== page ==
An Illinois federal judge on Thursday certified a class of state residents who claim the travel company behind Holiday Cruise Line blasted them with unwanted prerecorded calls marketing a free vacation but refused to allow call recipients who live outside the Prairie State to join the class.
A Missouri federal judge has remanded a St. Louis bar’s suit that alleges its liability insurer and the attorney it hired improperly passed up a favorable settlement in an underlying case over a deadly tent accident, saying Thursday that the claims against the attorney were valid and could be heard in state court.
The U.S. Department of the Interior has approved changes to Connecticut’s gambling agreement with the Mashantucket Pequot Tribal Nation, according to a notice to be published in the Federal Register on Tuesday, a move that could pave the way for a proposed $300 million casino project and resolve a related lawsuit.
A California federal judge has sanctioned an attorney for his “repugnant” request to hold a hearing to purportedly demonstrate a pattern of noncompliance with the American with Disabilities Act among hotel owners of East Indian descent.
The Ninth Circuit on Thursday upheld a lower court’s order tossing a suit that claimed California wasn’t allowed to put expiration dates on its gaming agreements with tribes, saying that negotiating such dates is permitted by the Indian Gaming Regulatory Act.
Spirit Airlines told the Second Circuit on Thursday that federal law preempts a proposed class action alleging it defrauded consumers by concealing its carry-on bag fees on tickets sold through other online travel agents, saying passengers cannot invent and force a disclosure obligation.
An Illinois federal judge on Thursday refused to dismiss a proposed class action against Hyatt, Hilton, Marriott and other hotel giants over allegations the companies have an anti-competitive agreement to avoid advertising against each other via search engines.
A Florida federal court on Thursday partly granted Aaronson Law Firm's motion to dismiss timeshare resort developer Club Exploria's suit alleging the firm encouraged customers to back out of their contracts, trimming several counts including one claiming violations of the Racketeer Influenced and Corrupt Organizations Act.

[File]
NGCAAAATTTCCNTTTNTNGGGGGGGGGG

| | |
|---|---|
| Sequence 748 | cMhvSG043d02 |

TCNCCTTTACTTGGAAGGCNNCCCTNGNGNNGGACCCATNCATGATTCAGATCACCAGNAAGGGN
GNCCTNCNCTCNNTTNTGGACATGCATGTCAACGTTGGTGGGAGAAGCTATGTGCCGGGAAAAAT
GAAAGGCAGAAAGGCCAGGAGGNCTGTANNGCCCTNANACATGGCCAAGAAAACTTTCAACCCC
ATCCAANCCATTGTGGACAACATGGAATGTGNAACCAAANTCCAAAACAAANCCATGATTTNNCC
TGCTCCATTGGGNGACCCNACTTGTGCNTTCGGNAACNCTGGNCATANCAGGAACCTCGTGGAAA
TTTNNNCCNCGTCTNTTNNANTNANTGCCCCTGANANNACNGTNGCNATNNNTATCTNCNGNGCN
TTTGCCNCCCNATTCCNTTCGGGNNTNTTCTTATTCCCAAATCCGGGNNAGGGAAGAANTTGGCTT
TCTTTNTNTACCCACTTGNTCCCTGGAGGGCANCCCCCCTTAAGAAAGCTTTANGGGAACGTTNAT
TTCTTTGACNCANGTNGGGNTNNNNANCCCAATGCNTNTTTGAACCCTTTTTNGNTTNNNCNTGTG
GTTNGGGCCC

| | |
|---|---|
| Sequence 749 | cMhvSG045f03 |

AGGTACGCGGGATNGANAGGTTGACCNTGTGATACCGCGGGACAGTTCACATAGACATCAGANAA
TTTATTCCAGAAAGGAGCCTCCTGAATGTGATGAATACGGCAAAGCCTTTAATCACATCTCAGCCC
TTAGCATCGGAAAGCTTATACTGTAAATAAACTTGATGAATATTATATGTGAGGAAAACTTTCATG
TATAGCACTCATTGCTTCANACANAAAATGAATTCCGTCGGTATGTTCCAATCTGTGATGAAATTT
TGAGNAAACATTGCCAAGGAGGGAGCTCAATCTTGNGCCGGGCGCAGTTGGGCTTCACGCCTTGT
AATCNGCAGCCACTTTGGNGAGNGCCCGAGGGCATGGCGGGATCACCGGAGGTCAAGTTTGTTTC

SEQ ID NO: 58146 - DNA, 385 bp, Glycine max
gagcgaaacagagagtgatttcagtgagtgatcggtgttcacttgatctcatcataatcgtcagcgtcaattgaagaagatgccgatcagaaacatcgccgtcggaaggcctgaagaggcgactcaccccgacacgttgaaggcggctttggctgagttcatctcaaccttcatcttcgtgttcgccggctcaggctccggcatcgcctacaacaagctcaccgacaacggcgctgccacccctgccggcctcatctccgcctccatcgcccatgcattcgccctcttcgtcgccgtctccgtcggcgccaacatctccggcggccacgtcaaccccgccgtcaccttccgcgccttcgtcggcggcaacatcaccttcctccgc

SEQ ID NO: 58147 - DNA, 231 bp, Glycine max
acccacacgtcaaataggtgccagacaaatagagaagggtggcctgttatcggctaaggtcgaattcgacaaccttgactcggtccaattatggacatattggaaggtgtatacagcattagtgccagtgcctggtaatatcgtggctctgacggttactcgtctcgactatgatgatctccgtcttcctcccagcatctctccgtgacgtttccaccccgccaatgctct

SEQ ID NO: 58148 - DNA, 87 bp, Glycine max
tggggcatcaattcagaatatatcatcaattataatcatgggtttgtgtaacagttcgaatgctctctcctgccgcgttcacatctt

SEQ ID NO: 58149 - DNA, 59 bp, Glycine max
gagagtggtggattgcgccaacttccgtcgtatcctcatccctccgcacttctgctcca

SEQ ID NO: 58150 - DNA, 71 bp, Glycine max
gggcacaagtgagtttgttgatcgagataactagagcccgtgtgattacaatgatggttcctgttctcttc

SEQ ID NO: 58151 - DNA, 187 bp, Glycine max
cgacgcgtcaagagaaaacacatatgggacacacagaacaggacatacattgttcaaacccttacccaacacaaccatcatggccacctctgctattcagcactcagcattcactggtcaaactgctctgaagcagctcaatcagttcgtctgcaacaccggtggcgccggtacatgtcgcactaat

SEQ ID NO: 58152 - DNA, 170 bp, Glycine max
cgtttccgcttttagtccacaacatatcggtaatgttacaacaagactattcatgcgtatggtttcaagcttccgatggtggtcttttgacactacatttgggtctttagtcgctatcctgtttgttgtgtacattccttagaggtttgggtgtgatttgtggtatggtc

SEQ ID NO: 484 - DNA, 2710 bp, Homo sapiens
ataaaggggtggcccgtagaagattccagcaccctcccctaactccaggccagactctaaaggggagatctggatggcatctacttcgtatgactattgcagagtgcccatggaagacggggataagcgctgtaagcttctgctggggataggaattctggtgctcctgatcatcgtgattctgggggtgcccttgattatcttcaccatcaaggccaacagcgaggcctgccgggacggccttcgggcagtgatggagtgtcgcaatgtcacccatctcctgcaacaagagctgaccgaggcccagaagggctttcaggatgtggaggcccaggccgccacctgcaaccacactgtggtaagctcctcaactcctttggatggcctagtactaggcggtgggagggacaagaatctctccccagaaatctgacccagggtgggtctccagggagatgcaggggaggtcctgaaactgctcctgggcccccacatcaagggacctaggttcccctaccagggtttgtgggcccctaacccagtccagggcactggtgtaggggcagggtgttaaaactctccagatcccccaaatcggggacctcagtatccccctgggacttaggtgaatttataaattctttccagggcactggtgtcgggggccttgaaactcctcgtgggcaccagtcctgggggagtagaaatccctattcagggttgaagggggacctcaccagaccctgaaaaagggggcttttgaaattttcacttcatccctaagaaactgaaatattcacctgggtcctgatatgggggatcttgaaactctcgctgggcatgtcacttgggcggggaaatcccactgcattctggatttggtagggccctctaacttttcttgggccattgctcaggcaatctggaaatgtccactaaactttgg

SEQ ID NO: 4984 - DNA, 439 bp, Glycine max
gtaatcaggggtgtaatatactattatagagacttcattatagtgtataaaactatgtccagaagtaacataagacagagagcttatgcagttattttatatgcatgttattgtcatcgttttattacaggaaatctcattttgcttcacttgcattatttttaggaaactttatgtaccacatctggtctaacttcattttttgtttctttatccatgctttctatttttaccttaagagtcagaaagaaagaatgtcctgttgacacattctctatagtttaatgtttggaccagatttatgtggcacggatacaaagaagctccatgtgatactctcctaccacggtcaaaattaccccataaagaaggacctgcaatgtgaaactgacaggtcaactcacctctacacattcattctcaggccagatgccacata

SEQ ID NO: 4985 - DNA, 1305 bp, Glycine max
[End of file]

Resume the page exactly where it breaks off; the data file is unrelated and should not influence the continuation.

Figuring out what constitutes a manageable workload for the nation’s district judges is no simple task. Getting the judiciary the resources it needs is even harder.
The Western District of Louisiana is supposed to have seven district judges. But for a year, most of the courthouses were operating without a single Article III judge. As usual, magistrate judges picked up the slack.
A waiter cut loose from the Waverly Inn tossed a stone at the "glass house" of Graydon Carter, slamming the New York City restaurant's co-owner for criticizing President Donald Trump while purportedly mistreating his own workers, according to a proposed class action filed Wednesday in New York federal court.
The nation’s second-largest Burger King franchisee and its Illinois subsidiary got hit Tuesday with a lawsuit claiming its employees in the state were required to scan their fingerprints for timekeeping purposes in violation of the state’s Biometric Information Privacy Act.
Morgan Stanley has reportedly loaned $64.2 million for a San Diego hotel purchase, AEW Capital is said to be seeking a roughly $190 million sale of a Manhattan office building, and Stockbridge Capital has reportedly paid $183 million for an under-construction Silicon Valley building leased to 23andMe.
The owners of the majority of units in a Trump-branded Panamanian luxury hotel cannot pause their suit against two Trump hotel management companies pending the resolution of related arbitration proceedings, with a New York federal judge ruling that a stay was not necessary.
The Fort Lauderdale City Council gave Inter Miami CF the green light to start negotiating the nearly $60 million development of a training complex and community park facilities in the Florida town, as the club gears up to join Major League Soccer in 2020.